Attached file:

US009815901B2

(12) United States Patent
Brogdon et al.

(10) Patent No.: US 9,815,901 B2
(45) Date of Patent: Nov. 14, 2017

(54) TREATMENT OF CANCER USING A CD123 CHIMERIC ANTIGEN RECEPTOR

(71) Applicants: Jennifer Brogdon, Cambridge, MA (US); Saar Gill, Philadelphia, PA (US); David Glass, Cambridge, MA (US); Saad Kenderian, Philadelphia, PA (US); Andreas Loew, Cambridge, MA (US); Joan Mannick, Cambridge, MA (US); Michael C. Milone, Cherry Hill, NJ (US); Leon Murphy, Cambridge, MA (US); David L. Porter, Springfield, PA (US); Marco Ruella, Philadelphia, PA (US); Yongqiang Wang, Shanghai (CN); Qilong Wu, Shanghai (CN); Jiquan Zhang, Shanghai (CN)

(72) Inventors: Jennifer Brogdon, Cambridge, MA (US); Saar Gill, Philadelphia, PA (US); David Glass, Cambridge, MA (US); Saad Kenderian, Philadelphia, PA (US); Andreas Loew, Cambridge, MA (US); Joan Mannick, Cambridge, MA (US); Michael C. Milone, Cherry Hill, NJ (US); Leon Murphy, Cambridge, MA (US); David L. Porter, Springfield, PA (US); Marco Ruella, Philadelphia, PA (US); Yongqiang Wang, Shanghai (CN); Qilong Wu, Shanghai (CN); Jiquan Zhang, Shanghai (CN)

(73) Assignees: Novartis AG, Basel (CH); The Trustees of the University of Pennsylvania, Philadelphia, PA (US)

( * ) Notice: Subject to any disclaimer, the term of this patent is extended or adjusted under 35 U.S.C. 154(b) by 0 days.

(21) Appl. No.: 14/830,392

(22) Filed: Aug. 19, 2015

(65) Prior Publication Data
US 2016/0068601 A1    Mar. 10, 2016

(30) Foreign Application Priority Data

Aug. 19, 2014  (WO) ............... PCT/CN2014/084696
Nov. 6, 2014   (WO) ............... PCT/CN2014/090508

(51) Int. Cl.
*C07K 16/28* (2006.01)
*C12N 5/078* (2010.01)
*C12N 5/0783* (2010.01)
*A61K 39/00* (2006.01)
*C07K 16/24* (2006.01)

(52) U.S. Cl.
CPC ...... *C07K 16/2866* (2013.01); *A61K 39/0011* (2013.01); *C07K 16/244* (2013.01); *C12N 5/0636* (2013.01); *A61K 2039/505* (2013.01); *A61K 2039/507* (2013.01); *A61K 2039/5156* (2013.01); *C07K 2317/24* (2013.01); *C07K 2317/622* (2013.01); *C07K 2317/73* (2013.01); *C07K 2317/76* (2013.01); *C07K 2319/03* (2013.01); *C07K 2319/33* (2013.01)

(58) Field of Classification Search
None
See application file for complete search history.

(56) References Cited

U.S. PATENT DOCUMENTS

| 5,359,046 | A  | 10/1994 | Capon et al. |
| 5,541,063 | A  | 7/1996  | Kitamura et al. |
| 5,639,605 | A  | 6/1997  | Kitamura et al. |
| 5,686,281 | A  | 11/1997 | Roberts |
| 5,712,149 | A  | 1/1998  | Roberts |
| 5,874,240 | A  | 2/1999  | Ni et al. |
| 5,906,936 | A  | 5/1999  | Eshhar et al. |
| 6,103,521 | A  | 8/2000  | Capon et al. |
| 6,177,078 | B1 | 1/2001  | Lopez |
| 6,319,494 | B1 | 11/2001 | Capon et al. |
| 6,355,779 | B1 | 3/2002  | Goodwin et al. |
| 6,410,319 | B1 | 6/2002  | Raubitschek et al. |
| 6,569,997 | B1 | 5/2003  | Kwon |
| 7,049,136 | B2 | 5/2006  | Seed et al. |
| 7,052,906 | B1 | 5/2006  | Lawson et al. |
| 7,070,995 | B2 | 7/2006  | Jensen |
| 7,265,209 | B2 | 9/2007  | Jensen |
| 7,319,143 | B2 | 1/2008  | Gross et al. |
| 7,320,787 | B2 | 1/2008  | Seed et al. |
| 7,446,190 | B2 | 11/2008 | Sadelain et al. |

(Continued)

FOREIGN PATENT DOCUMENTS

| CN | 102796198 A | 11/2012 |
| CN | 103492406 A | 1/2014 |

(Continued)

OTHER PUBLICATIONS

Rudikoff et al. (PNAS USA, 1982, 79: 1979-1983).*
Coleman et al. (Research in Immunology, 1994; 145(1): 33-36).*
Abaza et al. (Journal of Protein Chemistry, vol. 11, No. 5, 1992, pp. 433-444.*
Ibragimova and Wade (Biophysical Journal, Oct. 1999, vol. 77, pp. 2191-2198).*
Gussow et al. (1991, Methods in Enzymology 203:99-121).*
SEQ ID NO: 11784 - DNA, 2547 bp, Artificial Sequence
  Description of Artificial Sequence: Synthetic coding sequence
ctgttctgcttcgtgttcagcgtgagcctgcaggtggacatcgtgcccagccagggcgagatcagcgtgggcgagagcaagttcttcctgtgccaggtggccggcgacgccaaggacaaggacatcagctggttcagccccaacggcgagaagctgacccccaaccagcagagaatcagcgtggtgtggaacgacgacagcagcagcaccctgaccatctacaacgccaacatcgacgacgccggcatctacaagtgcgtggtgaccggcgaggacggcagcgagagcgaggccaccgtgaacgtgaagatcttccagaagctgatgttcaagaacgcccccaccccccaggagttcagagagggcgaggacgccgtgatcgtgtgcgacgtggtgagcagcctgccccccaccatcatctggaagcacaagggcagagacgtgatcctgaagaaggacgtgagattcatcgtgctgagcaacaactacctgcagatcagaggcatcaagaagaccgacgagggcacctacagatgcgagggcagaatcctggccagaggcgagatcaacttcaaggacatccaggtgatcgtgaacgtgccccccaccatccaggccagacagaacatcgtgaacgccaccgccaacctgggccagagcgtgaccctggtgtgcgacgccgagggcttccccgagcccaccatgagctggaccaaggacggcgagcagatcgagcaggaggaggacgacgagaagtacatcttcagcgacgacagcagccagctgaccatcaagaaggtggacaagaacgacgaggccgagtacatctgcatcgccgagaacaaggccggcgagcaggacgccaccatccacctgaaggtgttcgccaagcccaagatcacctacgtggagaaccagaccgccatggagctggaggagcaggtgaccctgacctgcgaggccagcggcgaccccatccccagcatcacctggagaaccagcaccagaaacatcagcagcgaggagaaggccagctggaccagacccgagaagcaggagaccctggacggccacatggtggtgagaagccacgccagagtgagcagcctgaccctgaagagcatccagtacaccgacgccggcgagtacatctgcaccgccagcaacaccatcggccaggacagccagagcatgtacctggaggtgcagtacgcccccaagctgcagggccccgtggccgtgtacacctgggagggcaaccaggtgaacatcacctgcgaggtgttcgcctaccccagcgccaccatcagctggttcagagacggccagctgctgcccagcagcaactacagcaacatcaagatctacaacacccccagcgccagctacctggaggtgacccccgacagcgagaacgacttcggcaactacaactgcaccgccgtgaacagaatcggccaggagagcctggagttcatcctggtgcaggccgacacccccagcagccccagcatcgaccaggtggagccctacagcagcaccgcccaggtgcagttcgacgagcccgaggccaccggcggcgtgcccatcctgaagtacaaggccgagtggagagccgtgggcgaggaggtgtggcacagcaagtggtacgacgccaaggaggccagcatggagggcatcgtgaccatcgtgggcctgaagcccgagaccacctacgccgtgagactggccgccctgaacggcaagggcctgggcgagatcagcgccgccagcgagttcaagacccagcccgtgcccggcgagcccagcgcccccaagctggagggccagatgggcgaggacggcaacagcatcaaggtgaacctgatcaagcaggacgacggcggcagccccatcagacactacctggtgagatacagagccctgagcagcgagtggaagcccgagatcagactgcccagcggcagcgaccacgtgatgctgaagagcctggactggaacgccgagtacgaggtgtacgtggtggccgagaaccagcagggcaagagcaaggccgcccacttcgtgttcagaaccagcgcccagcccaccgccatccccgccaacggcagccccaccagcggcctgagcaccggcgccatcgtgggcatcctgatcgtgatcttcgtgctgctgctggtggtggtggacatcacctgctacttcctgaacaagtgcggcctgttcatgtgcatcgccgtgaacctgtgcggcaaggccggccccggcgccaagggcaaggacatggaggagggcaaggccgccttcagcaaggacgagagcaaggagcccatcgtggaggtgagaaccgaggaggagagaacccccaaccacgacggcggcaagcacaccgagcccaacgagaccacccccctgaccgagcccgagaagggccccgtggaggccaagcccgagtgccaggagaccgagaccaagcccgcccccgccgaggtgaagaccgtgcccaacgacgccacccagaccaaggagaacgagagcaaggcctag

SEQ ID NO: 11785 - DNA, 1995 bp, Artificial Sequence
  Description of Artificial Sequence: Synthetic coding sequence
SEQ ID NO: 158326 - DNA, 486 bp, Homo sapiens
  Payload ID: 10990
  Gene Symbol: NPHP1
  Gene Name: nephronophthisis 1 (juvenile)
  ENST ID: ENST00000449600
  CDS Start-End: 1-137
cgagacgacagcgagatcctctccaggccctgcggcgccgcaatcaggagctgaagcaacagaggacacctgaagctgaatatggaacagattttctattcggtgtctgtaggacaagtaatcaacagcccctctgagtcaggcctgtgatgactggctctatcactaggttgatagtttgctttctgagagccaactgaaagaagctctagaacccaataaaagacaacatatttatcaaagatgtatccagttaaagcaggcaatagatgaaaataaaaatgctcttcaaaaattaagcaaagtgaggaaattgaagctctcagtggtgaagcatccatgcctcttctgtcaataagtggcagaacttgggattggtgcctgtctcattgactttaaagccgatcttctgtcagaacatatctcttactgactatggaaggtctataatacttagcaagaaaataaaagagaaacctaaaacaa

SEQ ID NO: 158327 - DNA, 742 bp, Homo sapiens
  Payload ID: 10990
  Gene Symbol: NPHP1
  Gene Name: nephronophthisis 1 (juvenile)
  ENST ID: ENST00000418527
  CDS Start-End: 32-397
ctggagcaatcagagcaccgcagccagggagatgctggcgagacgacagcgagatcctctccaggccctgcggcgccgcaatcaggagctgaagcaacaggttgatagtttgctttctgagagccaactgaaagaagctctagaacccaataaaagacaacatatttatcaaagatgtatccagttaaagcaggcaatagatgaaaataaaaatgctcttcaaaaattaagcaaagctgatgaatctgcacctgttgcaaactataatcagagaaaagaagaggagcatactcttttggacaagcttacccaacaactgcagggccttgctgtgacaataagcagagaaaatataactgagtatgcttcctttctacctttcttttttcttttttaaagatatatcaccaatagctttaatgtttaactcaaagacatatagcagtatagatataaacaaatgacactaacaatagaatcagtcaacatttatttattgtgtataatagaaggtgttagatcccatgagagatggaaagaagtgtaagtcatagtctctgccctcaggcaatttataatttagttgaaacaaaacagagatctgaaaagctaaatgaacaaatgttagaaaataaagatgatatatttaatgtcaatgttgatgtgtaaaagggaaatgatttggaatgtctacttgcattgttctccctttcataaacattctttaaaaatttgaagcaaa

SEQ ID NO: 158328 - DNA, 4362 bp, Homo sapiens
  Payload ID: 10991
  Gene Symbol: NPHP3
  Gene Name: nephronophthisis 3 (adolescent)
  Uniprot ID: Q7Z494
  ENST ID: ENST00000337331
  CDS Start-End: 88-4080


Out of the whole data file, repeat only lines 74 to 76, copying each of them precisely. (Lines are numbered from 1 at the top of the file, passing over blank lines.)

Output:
SEQ ID NO: 158327 - DNA, 742 bp, Homo sapiens
  Payload ID: 10990
  Gene Symbol: NPHP1